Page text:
Until this rule went into effect, many food and product manufacturers were applying the term...

    Scott Adams
    Celiac.com 06/15/2020 - Usually, when a food manufacturer makes an ingredient change, even a minor one, to a food product, they must produce a new label for all the changed products. However, Covid-19 has changed that. Responding to calls from food manufacturers facing supply chain problems in the wake of the Covid-19 pandemic, the Food and Drug Administration (FDA) is relaxing some labeling requirements for certain ingredients in food in the U.S.
    The move will give food manufacturers the ability make small changes to the ingredients in a product without making label changes. That may mean adding, omitting, or blending ingredients to meet the product...

    Scott Adams
    Celiac.com 07/24/2020 - In the U.S., hydrolyzed plant protein is gluten-free, safe for people with celiac disease, and appears on Celiac.com's list of Safe Gluten-Free Ingredients. All hydrolyzed plant protein is gluten-free, including soy protein isolate, soy protein concentrate, autolyzed plant protein, hydrolyzed oat flour and textured protein.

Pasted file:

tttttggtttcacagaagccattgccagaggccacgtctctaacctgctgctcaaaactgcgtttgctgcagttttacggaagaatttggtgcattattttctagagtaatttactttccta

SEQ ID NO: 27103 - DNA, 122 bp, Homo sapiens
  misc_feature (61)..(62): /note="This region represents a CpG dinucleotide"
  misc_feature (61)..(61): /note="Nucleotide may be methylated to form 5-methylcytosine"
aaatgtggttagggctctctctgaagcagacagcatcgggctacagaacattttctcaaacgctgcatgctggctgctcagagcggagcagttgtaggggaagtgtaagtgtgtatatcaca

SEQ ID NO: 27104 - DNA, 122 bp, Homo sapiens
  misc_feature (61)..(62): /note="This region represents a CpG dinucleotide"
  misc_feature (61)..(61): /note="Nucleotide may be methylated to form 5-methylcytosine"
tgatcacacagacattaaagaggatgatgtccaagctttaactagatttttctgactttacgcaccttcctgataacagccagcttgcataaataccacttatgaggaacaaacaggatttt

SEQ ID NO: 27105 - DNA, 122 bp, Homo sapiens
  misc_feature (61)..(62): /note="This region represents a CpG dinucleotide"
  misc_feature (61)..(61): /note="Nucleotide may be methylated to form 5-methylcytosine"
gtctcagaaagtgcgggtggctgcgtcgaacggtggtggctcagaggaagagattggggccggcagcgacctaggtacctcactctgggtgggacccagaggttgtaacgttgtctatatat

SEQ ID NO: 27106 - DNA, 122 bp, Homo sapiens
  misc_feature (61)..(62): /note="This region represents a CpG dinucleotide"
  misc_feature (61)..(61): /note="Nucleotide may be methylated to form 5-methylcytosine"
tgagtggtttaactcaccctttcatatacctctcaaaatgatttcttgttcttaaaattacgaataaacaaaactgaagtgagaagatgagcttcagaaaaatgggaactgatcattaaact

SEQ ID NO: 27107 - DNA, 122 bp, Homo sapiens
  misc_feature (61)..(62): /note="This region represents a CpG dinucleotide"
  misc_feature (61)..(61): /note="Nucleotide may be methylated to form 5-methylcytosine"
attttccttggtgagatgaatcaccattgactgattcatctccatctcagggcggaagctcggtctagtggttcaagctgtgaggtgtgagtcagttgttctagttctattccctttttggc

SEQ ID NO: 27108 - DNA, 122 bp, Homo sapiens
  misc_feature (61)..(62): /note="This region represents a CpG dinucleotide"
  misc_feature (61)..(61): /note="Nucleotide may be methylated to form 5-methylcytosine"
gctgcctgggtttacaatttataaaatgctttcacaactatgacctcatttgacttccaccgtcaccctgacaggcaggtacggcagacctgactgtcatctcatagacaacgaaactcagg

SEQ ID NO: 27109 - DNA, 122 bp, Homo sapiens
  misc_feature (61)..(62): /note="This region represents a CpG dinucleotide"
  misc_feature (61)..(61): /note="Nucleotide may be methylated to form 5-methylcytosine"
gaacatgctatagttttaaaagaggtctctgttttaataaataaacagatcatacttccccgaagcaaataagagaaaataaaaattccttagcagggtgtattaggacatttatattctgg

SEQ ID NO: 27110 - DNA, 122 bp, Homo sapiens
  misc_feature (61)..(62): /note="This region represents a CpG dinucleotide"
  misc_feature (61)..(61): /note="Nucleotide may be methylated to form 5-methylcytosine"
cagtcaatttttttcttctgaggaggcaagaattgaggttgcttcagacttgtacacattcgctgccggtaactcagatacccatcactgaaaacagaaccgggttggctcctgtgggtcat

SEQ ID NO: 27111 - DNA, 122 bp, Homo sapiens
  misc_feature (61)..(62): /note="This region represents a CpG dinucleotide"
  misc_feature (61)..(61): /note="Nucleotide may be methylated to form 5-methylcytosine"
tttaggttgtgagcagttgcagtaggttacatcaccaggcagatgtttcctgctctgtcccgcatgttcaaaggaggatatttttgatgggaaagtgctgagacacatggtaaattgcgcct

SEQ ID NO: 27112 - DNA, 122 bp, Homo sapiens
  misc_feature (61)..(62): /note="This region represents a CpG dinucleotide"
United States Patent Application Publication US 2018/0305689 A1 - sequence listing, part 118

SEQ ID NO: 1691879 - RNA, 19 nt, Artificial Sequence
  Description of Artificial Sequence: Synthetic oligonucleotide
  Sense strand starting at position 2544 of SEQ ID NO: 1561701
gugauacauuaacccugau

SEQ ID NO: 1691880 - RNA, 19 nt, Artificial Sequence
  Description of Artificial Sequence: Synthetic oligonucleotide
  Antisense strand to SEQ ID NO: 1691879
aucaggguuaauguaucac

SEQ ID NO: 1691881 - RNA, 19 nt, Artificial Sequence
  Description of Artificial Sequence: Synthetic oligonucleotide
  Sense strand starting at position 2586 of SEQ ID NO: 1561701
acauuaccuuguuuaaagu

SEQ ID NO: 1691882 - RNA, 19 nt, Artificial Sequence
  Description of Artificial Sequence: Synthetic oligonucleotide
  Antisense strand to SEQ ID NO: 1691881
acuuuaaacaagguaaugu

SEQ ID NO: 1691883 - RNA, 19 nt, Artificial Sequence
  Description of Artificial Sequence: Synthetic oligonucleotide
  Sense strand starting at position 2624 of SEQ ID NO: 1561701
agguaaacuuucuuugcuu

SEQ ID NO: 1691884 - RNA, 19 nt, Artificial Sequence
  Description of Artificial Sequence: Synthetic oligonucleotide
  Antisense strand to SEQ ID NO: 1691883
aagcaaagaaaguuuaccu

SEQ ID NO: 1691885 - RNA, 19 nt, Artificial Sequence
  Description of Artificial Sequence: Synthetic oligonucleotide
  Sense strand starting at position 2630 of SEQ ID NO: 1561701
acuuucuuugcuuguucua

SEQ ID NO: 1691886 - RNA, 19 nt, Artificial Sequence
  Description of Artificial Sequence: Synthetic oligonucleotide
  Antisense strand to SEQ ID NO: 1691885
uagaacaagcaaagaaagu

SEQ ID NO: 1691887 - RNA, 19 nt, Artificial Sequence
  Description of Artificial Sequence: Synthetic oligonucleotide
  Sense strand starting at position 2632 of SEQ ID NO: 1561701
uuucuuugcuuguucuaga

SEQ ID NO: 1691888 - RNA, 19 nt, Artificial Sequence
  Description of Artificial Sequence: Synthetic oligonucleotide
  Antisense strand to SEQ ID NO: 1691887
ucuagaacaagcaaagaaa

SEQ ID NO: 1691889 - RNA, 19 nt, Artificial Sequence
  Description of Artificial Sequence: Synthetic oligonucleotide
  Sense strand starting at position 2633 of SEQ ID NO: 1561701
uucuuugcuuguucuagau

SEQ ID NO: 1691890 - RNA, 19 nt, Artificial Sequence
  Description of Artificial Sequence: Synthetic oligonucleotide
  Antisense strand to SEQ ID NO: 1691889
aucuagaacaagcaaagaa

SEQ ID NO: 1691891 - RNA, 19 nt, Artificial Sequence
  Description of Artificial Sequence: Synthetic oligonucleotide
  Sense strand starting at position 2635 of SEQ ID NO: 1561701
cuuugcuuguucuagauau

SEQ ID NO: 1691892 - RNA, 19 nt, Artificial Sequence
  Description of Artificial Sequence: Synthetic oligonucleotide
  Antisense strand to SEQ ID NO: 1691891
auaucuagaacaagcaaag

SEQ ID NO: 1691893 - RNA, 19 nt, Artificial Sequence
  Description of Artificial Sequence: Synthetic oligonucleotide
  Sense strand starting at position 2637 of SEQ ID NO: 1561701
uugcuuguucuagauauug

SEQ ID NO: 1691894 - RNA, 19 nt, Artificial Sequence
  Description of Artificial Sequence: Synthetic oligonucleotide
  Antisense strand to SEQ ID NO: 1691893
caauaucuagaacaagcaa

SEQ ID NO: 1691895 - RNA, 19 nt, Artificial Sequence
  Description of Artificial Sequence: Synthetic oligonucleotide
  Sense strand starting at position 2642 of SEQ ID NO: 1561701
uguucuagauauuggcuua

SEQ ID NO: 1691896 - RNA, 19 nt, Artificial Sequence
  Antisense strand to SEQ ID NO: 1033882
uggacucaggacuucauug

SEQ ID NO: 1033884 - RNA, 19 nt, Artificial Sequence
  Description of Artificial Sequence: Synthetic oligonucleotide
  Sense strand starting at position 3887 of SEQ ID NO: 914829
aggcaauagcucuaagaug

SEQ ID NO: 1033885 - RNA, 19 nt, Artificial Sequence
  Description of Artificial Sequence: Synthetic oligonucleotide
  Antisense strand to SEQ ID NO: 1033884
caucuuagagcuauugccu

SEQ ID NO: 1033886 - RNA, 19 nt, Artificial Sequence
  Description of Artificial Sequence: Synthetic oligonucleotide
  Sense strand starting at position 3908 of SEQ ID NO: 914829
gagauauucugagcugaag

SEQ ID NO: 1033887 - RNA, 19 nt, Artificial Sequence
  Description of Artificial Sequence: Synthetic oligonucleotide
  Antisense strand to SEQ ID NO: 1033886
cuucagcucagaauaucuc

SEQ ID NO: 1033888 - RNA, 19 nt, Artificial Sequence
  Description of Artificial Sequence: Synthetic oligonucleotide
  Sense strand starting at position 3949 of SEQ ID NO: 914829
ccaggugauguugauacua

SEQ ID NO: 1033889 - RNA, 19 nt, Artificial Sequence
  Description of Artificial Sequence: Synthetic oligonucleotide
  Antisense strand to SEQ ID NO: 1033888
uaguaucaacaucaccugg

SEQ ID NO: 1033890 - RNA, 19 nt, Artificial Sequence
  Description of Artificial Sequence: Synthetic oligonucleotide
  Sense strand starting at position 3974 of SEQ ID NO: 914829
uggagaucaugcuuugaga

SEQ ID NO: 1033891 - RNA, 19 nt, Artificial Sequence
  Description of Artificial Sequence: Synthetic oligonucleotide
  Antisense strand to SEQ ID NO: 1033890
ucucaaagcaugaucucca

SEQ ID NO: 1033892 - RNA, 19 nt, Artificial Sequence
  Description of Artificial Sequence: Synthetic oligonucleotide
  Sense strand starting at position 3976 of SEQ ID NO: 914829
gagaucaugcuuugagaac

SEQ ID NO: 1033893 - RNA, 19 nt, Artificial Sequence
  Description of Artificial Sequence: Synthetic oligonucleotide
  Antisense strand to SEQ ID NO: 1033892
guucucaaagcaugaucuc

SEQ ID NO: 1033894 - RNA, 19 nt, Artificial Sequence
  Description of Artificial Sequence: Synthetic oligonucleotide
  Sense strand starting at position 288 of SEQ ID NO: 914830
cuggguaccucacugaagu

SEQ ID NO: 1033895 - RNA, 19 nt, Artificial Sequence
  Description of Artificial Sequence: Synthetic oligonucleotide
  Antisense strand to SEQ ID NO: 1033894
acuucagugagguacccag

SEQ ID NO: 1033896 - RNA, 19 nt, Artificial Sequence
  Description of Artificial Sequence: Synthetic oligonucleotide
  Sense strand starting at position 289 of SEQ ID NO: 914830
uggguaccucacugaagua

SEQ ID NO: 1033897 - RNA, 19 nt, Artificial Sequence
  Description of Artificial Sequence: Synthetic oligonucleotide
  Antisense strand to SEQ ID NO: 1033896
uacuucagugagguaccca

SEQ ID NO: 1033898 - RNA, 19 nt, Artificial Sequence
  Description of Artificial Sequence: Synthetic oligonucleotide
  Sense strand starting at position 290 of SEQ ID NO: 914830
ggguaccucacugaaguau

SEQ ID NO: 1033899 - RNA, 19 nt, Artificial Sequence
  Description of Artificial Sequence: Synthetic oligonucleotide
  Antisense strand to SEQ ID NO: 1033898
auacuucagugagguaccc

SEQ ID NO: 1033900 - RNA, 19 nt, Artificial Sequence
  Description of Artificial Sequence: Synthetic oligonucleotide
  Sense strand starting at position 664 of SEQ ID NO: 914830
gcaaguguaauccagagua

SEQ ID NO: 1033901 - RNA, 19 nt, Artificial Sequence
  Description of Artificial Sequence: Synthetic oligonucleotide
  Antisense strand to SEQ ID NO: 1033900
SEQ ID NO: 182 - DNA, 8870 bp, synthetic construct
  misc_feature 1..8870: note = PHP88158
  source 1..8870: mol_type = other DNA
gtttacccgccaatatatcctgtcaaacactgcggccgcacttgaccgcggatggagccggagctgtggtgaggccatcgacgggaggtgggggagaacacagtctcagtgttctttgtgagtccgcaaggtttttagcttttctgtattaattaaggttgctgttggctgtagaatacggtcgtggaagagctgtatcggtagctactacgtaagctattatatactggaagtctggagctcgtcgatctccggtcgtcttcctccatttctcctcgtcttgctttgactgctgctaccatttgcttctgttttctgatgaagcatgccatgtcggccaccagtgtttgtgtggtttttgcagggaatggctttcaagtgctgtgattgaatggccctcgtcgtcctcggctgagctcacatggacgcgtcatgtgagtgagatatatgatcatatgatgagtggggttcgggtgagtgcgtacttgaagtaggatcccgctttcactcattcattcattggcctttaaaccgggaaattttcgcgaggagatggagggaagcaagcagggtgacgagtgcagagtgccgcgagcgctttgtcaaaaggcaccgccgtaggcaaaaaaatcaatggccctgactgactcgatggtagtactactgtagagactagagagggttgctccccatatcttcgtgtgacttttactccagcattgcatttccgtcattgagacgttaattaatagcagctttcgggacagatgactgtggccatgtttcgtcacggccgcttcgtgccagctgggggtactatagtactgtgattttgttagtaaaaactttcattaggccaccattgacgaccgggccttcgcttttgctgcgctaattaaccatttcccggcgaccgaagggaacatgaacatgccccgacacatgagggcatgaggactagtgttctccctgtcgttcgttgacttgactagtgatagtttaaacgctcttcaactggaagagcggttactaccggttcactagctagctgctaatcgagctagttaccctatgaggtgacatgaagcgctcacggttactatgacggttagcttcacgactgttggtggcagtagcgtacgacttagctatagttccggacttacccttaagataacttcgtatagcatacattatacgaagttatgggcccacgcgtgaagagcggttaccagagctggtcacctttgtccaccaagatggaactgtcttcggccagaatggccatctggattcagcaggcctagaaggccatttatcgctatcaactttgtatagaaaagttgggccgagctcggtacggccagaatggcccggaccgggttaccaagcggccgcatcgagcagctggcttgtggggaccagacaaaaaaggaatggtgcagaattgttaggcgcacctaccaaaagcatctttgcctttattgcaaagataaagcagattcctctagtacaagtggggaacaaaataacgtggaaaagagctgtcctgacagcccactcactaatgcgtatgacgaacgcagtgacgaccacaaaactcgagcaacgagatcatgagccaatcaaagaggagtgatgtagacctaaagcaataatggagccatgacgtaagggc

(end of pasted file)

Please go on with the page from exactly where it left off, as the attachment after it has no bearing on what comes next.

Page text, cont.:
Hydrolyzed Protein is Gluten-Free. Other names and abbreviations for hydrolyzed vegetable protein include:
    HPP  HVP  Hydrolyzed Plant Protein  Hydrolyzed Protein  Hydrolyzed Soy Protein Hydrolyzed Vegetable Protein Hydrolyzed Protein is MSG
    ...

    Scott Adams
    Celiac.com 08/19/2020 - The US Food and Drug Administration (FDA) has ruled that distilled foods and spirits made from gluten-containing grains can be labelled as ‘gluten-free.’ The FDA ruling covers fermented and distilled foods, or foods that contain fermented or distilled ingredients, which are made using gluten-containing grains such as rye, barley and wheat. The ruling changes the previous FDA requirement that distilled products labeled "gluten-free" must contain no gluten ingredients from start to finish.
    The change was hailed by Chris Swonger, president and CEO of the the Distilled Spirits Council of the United States (Discus), who said: “W...